This article was originally published by EurasiaNet.org.
Kazakhstan's journalistic community has long debated how to face the pervasive influence of Russian media in the Central Asian country. The topic has increased in urgency with the bitter international standoff between Russia and Ukraine, which is partly playing out on Russian television.
Russian state channels like Rossia, NTV and Channel One — which critics see as Kremlin propaganda tools — enjoy huge popularity in Kazakhstan, the Media Kurultai (an annual gathering of journalists in Almaty) heard on Nov. 14.
This creates a national security threat to Kazakhstan, where viewers are swallowing their poisonous coverage about Ukraine, speakers told a panel on information security.
The public mindset in Kazakhstan is being shaped by Russian officials and TV presenters like Dmitry Kiselyov, who is well-known for his anti-Western tirades, opposition politician Amirzhan Kosanov told the conference. This means that Kazakhstanis end up "viewing events in Ukraine through the eyes of [Russian Foreign Minister Sergei] Lavrov or Kiselyov," he said.
Yet Astana is itself pushing viewers into the arms of Russian TV, Kosanov argued, by controlling the Kazakhstani media so tightly that it becomes unattractive.
"The challenge to information security emerges from governmental policies," agreed Adil Nurmakov, a journalism professor at Almaty's KIMEP University. "It's a vicious circle."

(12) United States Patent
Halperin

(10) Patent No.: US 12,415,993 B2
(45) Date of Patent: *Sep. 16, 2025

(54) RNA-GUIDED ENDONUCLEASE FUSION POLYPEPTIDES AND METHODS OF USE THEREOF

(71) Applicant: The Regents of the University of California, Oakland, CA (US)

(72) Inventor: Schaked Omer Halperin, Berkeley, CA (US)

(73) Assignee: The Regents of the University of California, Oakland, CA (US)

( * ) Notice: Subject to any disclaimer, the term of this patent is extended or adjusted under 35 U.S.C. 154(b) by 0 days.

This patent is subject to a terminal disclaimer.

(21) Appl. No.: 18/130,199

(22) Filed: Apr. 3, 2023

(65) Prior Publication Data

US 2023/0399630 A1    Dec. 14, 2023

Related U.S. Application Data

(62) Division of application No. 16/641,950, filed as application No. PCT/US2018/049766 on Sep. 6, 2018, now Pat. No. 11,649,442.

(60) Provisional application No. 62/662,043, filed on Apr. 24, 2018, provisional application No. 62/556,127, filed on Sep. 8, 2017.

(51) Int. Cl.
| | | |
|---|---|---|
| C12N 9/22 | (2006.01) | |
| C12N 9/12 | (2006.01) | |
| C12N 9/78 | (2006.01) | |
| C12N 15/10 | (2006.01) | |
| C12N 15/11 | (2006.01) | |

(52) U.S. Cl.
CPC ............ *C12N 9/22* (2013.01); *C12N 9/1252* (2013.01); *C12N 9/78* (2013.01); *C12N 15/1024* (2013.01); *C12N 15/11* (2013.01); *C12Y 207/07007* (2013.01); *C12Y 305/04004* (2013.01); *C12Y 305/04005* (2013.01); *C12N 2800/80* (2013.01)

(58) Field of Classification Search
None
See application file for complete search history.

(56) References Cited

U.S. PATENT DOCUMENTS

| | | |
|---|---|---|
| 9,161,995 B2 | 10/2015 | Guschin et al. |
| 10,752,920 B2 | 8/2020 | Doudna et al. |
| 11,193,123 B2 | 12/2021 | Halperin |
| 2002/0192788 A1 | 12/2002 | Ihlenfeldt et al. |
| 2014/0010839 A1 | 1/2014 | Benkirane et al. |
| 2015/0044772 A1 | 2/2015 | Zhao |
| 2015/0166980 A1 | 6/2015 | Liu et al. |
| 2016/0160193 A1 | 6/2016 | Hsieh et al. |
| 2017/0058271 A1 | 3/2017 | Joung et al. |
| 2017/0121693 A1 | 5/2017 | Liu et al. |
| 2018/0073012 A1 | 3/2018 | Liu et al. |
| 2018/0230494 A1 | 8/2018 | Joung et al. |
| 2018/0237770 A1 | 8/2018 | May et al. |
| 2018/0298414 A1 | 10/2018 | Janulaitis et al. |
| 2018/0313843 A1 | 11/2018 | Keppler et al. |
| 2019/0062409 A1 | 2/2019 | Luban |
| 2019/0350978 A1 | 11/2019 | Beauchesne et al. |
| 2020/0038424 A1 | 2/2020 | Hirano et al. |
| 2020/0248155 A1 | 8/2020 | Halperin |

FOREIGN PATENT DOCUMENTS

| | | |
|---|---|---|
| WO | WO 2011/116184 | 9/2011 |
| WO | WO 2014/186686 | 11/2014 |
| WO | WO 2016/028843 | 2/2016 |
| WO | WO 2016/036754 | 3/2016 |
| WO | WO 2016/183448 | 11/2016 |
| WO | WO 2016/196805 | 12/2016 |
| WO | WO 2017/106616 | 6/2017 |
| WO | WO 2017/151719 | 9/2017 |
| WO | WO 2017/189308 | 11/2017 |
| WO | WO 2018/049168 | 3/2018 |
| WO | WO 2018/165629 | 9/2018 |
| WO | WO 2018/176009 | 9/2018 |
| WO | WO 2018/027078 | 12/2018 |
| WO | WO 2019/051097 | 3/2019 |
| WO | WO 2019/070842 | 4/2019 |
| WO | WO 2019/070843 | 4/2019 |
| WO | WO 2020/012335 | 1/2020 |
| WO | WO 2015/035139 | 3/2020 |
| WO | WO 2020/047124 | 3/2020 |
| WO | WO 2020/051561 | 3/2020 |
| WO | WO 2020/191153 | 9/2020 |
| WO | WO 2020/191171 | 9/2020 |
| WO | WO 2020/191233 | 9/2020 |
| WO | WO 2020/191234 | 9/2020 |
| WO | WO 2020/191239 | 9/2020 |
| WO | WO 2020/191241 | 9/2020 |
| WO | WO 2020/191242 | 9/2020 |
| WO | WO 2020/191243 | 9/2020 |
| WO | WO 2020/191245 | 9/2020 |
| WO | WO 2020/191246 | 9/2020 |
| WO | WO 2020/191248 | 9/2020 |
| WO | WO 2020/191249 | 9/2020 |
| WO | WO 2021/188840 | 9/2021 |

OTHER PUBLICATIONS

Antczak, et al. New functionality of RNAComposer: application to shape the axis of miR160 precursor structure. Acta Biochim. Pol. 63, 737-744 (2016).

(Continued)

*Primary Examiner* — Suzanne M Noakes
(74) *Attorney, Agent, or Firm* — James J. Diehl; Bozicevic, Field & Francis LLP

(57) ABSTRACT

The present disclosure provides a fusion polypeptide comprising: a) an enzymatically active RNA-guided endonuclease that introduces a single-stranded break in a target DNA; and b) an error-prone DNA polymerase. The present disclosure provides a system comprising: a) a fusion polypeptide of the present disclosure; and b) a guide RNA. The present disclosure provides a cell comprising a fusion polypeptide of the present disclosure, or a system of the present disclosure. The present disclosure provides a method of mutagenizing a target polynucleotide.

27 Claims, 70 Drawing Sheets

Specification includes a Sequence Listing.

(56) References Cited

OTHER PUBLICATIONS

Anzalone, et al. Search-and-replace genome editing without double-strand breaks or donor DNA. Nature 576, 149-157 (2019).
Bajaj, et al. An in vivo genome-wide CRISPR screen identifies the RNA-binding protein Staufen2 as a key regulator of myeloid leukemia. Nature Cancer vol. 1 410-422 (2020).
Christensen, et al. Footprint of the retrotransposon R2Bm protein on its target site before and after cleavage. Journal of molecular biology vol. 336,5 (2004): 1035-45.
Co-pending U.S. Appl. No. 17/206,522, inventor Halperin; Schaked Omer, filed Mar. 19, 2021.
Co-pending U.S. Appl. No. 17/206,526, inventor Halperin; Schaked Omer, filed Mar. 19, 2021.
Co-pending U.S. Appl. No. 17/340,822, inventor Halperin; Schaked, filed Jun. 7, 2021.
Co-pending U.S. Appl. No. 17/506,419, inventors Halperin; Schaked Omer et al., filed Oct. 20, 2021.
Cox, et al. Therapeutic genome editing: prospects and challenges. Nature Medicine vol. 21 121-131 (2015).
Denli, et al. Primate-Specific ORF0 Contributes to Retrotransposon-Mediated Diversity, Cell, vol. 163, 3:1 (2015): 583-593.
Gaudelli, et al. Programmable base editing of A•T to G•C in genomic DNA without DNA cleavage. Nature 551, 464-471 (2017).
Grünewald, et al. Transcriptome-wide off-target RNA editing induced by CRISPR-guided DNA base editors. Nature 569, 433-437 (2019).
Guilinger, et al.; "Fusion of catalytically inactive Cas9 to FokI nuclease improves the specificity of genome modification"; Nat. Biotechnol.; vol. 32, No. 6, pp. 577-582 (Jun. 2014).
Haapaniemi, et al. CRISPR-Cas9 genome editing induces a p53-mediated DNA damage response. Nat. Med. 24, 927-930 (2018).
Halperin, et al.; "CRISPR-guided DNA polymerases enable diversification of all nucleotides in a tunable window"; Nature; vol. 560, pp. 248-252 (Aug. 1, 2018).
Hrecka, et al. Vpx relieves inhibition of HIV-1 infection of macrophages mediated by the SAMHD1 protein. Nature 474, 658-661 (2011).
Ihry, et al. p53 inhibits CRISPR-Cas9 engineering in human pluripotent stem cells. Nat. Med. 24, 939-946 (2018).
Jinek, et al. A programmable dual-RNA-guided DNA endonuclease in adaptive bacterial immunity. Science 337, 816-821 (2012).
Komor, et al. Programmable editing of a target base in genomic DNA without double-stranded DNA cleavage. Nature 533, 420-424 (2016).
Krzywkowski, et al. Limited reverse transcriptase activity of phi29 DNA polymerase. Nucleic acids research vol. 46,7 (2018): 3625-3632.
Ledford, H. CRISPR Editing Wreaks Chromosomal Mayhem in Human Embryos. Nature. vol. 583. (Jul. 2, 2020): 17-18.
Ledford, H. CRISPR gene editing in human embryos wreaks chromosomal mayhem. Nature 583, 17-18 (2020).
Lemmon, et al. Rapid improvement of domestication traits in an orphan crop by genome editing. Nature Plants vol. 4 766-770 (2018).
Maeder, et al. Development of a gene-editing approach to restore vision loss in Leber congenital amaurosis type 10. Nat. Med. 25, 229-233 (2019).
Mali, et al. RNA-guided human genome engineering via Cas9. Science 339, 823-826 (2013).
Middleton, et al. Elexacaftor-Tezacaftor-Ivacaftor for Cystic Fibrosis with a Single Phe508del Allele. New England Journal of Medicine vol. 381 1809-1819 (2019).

"Now [government officials] have found themselves in a situation when they're wondering why people are not watching Kazakhstani TV channels and why they're not reading the Kazakhstani press," Nurmakov told EurasiaNet.org on the sidelines of the forum. "But there's nothing to read and nothing to watch."
Kazakhstani TV channels keep losing viewers to Russian ones, Bagdat Kodzhakhmetov, head of the private Channel 31, told the conference: Domestic channels have lost 16 percent of their viewers since the start of the year.
One factor pushing viewers to reach for the remote is legislation forcing channels to carry at least half their content in Kazakh, Kodzhakhmetov suggested. Viewers "have developed a preference for Russian-language programming," he said, and therefore "switched to channels they feel more comfortable watching."
Kazakhstan's most popular TV channel is Channel One Eurasia, which is domestically owned but carries much content from Russia's Channel One, Tatyana Startseva of the TNS Central Asia media market research company told the conference.
Broadcasters at the forum complained about a lack of financing to create domestic content that could compete with the better-financed Russian media. Kazakhstan's government heavily subsidizes the press, but — according to research presented at the Media Kurultai last year — subsidies are channeled toward promoting a feel-good factor and bolstering the popularity of President Nursultan Nazarbayev.
A freer press would be in the government's interests, argued media tycoon Armanzhan Baytasov, since it would "only consolidate our information security."
But journalists weren't holding out great hopes. The Media Kurultai heard the same arguments last year, but little has changed since.
"The main problem," concluded Nurmakov, "is the way the government sees information security, and it sees it as more regulation, more restriction."